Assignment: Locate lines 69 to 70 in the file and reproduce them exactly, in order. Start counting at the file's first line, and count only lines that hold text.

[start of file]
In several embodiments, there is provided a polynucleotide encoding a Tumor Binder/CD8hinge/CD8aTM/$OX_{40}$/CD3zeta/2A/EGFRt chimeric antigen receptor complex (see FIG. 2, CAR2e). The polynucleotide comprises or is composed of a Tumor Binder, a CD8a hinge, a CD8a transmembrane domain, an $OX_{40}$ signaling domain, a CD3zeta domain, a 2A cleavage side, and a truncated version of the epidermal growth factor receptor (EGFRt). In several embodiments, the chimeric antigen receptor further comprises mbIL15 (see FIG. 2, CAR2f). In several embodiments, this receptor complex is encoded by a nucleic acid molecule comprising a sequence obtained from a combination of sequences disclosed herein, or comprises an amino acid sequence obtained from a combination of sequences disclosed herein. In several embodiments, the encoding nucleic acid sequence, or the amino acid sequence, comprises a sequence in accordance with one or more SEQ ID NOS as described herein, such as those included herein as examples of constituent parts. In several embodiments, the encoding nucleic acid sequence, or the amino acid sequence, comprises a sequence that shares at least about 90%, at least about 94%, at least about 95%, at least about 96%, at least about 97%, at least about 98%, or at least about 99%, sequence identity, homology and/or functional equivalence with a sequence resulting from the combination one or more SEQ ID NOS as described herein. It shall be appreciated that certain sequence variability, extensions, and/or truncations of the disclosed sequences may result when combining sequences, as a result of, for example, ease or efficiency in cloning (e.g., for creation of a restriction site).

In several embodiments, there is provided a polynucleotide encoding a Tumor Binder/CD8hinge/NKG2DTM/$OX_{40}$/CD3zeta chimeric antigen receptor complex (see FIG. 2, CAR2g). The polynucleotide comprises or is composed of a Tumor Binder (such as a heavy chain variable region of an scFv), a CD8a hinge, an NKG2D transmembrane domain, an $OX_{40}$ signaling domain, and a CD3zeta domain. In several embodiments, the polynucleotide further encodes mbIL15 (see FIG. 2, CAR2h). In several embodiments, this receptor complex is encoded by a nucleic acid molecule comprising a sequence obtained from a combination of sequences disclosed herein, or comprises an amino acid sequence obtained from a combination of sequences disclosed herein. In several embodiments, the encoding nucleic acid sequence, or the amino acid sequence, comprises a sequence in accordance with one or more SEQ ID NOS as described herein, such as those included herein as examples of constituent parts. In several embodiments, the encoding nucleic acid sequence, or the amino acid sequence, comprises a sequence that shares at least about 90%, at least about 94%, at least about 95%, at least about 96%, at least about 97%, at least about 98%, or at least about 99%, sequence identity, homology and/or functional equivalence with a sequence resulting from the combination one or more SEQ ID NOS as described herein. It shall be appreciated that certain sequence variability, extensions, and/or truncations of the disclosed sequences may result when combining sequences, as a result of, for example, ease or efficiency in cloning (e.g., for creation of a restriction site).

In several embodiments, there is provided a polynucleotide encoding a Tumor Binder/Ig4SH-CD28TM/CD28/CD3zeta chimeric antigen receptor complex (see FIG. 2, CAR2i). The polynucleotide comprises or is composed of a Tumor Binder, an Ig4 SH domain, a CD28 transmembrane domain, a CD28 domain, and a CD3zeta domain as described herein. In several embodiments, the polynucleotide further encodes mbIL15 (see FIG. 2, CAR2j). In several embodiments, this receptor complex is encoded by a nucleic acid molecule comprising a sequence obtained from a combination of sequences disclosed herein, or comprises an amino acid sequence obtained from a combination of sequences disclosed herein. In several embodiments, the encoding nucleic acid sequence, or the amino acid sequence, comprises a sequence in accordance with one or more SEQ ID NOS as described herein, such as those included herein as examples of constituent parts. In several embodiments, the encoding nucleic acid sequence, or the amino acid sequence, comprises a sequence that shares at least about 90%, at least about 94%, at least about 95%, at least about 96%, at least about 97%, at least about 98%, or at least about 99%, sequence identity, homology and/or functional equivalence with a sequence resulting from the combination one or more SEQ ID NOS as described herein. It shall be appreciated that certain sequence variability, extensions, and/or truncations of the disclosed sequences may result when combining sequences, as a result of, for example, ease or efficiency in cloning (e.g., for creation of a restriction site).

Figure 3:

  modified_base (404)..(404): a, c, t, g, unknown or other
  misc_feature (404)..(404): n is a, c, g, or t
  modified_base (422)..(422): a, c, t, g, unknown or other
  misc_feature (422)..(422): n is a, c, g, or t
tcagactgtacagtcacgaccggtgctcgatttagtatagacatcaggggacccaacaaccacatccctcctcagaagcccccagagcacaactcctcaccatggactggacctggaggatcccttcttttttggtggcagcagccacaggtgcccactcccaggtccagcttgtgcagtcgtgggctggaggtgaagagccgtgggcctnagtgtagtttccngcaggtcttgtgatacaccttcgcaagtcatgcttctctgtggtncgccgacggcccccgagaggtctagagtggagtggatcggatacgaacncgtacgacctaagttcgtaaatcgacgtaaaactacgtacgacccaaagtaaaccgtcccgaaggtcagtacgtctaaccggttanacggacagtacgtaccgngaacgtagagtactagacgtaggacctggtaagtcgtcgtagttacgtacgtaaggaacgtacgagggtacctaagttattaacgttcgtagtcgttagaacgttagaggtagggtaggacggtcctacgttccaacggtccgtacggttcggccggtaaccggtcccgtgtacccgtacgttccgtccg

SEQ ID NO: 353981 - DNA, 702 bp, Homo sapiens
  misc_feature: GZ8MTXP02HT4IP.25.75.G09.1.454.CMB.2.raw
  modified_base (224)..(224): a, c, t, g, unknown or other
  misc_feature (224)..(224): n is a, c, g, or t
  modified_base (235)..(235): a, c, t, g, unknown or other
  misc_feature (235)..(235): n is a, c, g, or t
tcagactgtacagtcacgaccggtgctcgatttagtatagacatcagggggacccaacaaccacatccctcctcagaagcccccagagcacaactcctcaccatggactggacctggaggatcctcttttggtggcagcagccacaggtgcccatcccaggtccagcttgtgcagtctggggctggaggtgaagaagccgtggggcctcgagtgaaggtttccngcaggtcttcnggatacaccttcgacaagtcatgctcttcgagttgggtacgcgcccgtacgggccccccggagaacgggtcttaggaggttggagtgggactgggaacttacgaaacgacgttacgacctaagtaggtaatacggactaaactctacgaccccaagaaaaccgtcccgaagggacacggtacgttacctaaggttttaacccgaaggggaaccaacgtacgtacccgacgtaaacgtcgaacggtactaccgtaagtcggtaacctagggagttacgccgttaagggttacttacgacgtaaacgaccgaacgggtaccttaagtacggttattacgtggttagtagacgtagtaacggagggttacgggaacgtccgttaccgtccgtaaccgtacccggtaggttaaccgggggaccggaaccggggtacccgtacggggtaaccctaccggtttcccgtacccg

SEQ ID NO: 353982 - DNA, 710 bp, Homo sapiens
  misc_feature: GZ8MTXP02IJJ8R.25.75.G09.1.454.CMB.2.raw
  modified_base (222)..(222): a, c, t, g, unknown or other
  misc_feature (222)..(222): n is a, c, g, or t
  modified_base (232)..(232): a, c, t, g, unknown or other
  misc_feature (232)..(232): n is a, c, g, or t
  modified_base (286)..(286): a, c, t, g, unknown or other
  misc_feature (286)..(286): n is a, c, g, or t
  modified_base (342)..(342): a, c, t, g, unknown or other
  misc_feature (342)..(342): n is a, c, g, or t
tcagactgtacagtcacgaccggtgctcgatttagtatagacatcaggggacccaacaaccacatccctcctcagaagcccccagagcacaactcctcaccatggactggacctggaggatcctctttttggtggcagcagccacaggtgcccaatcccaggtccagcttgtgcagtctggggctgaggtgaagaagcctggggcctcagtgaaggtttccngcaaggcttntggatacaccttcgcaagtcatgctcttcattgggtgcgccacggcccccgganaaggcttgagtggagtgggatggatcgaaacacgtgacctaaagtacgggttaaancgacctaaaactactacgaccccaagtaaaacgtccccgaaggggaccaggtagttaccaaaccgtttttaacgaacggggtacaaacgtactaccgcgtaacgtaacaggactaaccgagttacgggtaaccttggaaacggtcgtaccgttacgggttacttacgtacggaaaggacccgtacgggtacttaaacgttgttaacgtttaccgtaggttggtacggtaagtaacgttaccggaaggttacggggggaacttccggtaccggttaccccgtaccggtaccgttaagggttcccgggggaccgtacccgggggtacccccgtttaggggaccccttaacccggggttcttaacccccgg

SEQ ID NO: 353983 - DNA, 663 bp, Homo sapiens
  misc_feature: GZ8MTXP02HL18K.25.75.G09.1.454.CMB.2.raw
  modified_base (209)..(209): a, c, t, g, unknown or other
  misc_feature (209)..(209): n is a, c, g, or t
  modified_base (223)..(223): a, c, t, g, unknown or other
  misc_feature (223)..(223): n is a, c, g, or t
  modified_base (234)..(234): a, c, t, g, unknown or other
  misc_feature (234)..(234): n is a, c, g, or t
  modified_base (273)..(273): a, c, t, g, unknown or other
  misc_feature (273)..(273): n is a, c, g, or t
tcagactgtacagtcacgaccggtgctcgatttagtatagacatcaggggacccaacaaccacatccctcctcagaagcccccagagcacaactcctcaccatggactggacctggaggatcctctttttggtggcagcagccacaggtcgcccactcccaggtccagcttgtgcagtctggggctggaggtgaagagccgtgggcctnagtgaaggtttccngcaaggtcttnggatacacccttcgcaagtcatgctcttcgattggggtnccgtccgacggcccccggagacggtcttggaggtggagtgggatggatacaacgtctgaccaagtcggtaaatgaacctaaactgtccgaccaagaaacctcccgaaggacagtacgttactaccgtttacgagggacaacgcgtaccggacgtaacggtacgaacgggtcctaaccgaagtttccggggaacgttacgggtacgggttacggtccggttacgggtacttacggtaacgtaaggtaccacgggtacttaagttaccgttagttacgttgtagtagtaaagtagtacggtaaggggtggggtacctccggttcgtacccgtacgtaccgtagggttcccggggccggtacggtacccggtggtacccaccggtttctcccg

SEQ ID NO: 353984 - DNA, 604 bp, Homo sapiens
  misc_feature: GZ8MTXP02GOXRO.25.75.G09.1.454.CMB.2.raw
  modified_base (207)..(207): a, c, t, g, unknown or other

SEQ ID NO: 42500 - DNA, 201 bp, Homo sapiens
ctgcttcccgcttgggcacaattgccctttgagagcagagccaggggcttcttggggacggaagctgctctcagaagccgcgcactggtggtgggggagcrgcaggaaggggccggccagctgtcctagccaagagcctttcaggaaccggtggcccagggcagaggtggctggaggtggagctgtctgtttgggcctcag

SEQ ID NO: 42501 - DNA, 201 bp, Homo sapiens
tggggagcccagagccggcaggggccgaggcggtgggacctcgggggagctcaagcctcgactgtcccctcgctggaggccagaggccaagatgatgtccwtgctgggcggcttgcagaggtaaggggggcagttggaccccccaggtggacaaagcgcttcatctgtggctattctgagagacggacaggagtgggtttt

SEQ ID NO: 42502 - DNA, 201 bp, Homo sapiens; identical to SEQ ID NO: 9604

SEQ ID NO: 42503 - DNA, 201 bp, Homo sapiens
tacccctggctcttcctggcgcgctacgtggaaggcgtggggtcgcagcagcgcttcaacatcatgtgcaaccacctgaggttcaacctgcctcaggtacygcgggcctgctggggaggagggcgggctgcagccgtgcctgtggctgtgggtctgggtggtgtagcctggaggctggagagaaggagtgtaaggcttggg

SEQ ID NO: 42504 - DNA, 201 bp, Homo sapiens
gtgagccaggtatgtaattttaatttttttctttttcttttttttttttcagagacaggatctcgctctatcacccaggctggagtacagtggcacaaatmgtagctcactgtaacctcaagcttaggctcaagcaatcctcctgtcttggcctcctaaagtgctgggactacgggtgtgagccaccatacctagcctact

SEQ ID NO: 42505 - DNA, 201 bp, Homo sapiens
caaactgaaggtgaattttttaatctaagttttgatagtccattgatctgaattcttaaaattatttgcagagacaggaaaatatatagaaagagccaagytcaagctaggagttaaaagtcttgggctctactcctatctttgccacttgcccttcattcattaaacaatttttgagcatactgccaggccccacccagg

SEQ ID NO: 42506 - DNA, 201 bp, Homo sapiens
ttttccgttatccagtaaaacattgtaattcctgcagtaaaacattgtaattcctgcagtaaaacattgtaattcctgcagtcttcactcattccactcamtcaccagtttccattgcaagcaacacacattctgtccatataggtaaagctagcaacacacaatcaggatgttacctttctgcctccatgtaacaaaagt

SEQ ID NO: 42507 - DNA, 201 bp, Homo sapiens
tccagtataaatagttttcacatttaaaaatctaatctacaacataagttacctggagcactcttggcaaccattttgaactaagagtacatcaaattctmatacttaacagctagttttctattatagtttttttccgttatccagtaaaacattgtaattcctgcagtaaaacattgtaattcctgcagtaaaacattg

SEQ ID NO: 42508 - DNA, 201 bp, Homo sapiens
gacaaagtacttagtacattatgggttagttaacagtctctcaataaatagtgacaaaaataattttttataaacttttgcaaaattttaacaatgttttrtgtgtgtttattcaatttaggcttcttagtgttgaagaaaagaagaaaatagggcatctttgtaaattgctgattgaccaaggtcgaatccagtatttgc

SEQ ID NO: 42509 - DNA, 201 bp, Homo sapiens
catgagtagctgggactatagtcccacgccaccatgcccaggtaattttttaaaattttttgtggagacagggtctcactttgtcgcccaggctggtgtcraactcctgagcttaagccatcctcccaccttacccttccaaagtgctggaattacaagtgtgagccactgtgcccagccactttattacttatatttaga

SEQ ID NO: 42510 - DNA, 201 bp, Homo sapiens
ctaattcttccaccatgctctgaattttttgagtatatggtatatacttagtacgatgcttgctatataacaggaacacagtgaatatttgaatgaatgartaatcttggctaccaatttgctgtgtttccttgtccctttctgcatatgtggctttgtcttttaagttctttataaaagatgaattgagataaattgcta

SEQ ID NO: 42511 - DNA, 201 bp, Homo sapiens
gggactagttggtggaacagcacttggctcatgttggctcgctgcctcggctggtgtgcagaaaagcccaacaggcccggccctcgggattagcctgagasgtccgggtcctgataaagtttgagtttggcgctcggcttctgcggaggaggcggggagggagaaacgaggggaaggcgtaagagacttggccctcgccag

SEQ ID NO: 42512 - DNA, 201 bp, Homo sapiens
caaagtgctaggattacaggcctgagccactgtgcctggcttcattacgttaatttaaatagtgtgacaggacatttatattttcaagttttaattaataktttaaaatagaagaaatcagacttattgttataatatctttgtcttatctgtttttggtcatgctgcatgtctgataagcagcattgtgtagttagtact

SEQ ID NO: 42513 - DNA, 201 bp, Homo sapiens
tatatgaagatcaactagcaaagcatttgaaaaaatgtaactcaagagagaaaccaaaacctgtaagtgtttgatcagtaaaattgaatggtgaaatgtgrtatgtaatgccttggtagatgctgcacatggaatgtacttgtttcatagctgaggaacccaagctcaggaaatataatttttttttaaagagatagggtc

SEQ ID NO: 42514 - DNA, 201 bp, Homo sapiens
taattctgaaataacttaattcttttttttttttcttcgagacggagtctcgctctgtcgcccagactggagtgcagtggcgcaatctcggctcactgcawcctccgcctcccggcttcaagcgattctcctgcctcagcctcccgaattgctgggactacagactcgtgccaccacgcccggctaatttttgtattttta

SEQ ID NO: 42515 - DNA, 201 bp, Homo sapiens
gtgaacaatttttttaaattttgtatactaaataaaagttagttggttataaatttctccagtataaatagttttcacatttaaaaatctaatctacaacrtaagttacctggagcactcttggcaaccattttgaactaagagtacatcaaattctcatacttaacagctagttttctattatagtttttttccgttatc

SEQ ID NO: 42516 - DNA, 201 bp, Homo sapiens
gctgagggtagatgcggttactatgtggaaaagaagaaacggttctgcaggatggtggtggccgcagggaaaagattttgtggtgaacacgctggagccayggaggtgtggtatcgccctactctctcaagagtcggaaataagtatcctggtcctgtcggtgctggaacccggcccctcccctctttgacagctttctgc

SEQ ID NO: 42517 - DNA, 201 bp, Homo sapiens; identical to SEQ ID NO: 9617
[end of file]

SEQ ID NO: 42514 - DNA, 201 bp, Homo sapiens
taattctgaaataacttaattcttttttttttttcttcgagacggagtctcgctctgtcgcccagactggagtgcagtggcgcaatctcggctcactgcawcctccgcctcccggcttcaagcgattctcctgcctcagcctcccgaattgctgggactacagactcgtgccaccacgcccggctaatttttgtattttta